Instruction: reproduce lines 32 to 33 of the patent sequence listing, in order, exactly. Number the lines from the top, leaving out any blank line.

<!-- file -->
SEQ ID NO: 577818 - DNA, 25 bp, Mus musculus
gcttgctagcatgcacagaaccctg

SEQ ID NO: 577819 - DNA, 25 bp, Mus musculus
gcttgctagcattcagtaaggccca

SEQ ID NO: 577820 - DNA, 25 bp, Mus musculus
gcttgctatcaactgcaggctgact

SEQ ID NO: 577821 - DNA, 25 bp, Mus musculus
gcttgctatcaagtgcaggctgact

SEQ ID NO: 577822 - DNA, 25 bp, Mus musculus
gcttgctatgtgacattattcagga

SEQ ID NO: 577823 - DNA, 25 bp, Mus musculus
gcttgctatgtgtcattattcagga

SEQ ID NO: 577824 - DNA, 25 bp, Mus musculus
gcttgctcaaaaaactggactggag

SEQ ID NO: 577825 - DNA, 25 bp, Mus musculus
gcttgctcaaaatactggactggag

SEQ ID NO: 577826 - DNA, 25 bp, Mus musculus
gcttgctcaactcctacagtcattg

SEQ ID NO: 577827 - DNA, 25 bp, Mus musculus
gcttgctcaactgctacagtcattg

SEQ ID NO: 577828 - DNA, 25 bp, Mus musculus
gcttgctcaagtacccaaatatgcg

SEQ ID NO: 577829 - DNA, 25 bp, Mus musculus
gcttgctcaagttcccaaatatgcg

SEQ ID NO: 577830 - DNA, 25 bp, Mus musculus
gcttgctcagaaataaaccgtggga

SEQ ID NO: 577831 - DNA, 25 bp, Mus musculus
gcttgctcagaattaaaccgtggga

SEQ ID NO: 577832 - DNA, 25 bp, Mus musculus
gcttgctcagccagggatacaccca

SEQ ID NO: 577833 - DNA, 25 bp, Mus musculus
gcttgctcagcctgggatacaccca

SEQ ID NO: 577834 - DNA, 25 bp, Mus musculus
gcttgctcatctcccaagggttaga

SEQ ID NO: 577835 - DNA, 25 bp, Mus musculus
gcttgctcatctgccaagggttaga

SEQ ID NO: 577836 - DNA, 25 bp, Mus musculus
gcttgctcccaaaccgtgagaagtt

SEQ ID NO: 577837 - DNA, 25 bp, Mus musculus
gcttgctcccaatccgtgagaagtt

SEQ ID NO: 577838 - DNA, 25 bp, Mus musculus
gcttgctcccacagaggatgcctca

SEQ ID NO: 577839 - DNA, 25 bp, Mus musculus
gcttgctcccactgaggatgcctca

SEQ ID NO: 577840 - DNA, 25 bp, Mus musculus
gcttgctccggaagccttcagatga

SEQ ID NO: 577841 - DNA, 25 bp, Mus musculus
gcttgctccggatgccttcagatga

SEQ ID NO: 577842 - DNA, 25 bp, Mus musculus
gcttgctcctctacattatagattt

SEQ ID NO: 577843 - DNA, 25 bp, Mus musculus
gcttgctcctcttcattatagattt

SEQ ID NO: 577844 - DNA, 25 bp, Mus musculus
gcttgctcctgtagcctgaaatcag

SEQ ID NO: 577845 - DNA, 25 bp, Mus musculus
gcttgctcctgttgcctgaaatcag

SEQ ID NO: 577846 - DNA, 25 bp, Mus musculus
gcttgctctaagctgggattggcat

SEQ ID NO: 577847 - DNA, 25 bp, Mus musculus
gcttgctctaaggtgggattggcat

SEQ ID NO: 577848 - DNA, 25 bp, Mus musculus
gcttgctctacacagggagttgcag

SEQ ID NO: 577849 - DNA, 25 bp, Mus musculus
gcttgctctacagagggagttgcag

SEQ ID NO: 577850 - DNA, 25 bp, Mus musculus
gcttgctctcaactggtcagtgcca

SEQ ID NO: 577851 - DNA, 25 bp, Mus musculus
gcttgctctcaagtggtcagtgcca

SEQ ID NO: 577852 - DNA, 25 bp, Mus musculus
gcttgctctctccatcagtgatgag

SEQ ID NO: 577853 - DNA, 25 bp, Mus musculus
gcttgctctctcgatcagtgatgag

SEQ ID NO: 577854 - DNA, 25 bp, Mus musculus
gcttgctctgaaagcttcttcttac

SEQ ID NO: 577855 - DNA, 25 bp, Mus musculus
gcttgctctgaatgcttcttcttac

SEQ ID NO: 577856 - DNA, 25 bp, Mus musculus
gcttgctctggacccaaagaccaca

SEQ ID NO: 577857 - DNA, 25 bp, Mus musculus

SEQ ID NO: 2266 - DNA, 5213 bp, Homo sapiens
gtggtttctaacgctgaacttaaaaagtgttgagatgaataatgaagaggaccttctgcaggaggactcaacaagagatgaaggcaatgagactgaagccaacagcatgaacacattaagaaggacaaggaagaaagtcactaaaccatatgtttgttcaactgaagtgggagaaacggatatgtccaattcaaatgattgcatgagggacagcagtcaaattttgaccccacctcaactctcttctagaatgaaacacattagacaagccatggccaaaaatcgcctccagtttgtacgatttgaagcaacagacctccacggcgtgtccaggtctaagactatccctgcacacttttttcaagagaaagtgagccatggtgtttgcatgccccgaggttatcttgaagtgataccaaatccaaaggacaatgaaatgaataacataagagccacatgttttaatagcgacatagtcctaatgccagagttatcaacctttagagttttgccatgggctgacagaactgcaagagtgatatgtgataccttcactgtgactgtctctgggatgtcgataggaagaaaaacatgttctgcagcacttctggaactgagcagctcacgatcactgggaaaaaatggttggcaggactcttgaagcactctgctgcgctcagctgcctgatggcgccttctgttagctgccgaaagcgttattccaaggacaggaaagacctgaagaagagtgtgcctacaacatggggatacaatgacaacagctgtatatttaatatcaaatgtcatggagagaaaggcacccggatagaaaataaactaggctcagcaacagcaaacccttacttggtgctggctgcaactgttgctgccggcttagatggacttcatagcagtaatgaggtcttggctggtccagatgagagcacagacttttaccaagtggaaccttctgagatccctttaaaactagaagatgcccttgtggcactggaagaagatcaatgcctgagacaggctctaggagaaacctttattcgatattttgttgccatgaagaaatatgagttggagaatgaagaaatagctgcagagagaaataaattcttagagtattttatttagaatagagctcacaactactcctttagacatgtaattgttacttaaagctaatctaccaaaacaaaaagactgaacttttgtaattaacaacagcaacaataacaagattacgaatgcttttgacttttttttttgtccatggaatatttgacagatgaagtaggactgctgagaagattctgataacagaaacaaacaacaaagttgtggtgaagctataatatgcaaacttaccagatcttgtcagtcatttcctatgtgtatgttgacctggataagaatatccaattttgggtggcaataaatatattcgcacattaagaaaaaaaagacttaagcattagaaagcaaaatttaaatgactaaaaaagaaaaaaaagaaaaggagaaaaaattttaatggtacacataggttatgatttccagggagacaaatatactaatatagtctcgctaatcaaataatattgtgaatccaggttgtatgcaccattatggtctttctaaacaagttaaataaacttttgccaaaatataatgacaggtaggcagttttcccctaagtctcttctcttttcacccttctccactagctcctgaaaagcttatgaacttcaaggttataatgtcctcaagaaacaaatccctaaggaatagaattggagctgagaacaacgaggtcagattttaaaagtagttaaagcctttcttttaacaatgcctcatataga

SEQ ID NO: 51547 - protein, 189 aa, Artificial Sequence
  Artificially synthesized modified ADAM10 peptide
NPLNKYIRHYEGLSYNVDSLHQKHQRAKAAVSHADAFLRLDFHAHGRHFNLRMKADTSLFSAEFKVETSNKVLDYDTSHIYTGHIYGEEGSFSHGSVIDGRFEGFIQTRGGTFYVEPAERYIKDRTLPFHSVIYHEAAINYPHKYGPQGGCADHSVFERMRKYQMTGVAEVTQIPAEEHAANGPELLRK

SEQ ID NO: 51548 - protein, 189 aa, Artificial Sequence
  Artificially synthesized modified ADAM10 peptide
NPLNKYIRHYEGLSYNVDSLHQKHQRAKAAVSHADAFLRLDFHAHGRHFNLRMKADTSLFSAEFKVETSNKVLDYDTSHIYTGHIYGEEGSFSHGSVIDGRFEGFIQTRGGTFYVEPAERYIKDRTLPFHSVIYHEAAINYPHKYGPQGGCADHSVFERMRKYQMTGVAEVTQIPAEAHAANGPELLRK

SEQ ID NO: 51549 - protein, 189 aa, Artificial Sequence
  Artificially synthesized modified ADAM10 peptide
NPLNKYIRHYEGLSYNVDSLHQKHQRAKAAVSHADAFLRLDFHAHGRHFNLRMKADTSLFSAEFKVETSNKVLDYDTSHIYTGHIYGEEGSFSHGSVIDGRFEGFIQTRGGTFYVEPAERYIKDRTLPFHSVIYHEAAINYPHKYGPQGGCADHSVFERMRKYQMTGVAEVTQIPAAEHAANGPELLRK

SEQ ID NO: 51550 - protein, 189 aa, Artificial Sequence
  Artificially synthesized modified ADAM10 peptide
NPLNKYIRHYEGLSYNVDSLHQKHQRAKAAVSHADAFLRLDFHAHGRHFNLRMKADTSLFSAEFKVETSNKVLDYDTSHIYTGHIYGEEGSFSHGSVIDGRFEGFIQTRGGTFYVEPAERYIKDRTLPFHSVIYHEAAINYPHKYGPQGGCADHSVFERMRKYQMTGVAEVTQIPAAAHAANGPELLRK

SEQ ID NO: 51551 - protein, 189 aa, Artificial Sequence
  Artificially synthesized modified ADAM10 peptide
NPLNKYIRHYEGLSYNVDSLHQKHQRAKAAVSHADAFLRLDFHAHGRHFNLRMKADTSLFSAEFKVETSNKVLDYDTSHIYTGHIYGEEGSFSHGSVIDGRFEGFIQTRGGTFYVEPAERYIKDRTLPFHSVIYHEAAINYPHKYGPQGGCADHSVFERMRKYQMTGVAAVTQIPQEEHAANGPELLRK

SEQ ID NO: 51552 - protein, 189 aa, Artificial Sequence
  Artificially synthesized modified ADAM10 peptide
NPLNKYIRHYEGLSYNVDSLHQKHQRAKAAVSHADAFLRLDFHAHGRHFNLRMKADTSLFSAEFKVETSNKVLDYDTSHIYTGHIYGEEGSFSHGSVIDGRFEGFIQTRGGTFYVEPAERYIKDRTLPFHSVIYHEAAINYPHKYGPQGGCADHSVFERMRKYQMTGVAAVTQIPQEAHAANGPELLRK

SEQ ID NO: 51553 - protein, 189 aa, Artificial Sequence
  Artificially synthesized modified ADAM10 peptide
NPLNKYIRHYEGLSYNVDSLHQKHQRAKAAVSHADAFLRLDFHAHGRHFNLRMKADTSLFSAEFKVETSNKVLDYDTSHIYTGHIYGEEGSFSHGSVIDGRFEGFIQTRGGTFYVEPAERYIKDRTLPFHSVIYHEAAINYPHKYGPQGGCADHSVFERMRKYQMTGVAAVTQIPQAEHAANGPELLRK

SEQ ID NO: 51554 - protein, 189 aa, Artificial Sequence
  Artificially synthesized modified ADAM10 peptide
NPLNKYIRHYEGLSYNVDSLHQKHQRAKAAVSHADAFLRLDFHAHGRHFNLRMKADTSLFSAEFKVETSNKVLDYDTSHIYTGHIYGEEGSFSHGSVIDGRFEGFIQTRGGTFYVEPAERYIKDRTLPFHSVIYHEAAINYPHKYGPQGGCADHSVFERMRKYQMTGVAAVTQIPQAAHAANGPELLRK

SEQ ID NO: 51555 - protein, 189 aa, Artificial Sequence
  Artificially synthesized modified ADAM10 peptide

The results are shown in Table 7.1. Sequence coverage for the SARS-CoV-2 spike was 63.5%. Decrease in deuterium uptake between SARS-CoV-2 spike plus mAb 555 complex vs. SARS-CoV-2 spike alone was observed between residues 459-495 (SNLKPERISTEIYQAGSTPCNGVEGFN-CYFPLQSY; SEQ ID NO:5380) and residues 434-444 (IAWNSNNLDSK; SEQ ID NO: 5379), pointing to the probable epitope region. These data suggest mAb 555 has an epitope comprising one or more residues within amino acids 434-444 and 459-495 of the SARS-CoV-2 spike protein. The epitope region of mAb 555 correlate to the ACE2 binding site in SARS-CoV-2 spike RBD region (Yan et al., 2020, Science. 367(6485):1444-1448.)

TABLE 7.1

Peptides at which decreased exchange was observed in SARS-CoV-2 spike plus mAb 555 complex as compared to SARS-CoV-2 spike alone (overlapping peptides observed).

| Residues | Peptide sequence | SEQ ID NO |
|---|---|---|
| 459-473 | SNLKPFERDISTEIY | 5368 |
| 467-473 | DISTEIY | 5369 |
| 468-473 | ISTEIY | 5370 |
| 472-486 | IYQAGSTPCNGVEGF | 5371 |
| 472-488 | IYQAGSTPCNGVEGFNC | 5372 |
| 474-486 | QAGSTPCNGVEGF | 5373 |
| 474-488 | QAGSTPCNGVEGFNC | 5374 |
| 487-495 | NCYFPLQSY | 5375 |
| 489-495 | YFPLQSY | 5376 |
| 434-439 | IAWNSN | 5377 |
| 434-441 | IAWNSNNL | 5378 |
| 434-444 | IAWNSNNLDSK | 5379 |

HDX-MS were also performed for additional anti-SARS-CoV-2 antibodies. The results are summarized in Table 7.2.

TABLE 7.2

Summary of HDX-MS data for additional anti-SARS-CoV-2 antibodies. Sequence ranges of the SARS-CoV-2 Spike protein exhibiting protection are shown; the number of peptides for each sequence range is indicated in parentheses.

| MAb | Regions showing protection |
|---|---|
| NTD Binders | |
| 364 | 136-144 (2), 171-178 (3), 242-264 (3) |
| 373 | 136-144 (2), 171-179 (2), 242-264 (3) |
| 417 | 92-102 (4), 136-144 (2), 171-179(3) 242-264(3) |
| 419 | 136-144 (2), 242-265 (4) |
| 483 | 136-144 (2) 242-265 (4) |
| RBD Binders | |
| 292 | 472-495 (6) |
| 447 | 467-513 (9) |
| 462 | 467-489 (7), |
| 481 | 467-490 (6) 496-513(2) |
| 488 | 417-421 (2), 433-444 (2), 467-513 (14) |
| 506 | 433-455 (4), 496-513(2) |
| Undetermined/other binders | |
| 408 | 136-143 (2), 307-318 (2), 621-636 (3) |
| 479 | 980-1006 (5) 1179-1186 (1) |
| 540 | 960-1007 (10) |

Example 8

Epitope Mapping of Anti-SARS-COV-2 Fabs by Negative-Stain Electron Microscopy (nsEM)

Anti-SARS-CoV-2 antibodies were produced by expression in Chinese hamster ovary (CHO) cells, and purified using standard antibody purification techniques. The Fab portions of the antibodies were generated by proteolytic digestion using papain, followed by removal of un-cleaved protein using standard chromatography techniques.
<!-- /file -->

gcttgctcagcctgggatacaccca

SEQ ID NO: 577834 - DNA, 25 bp, Mus musculus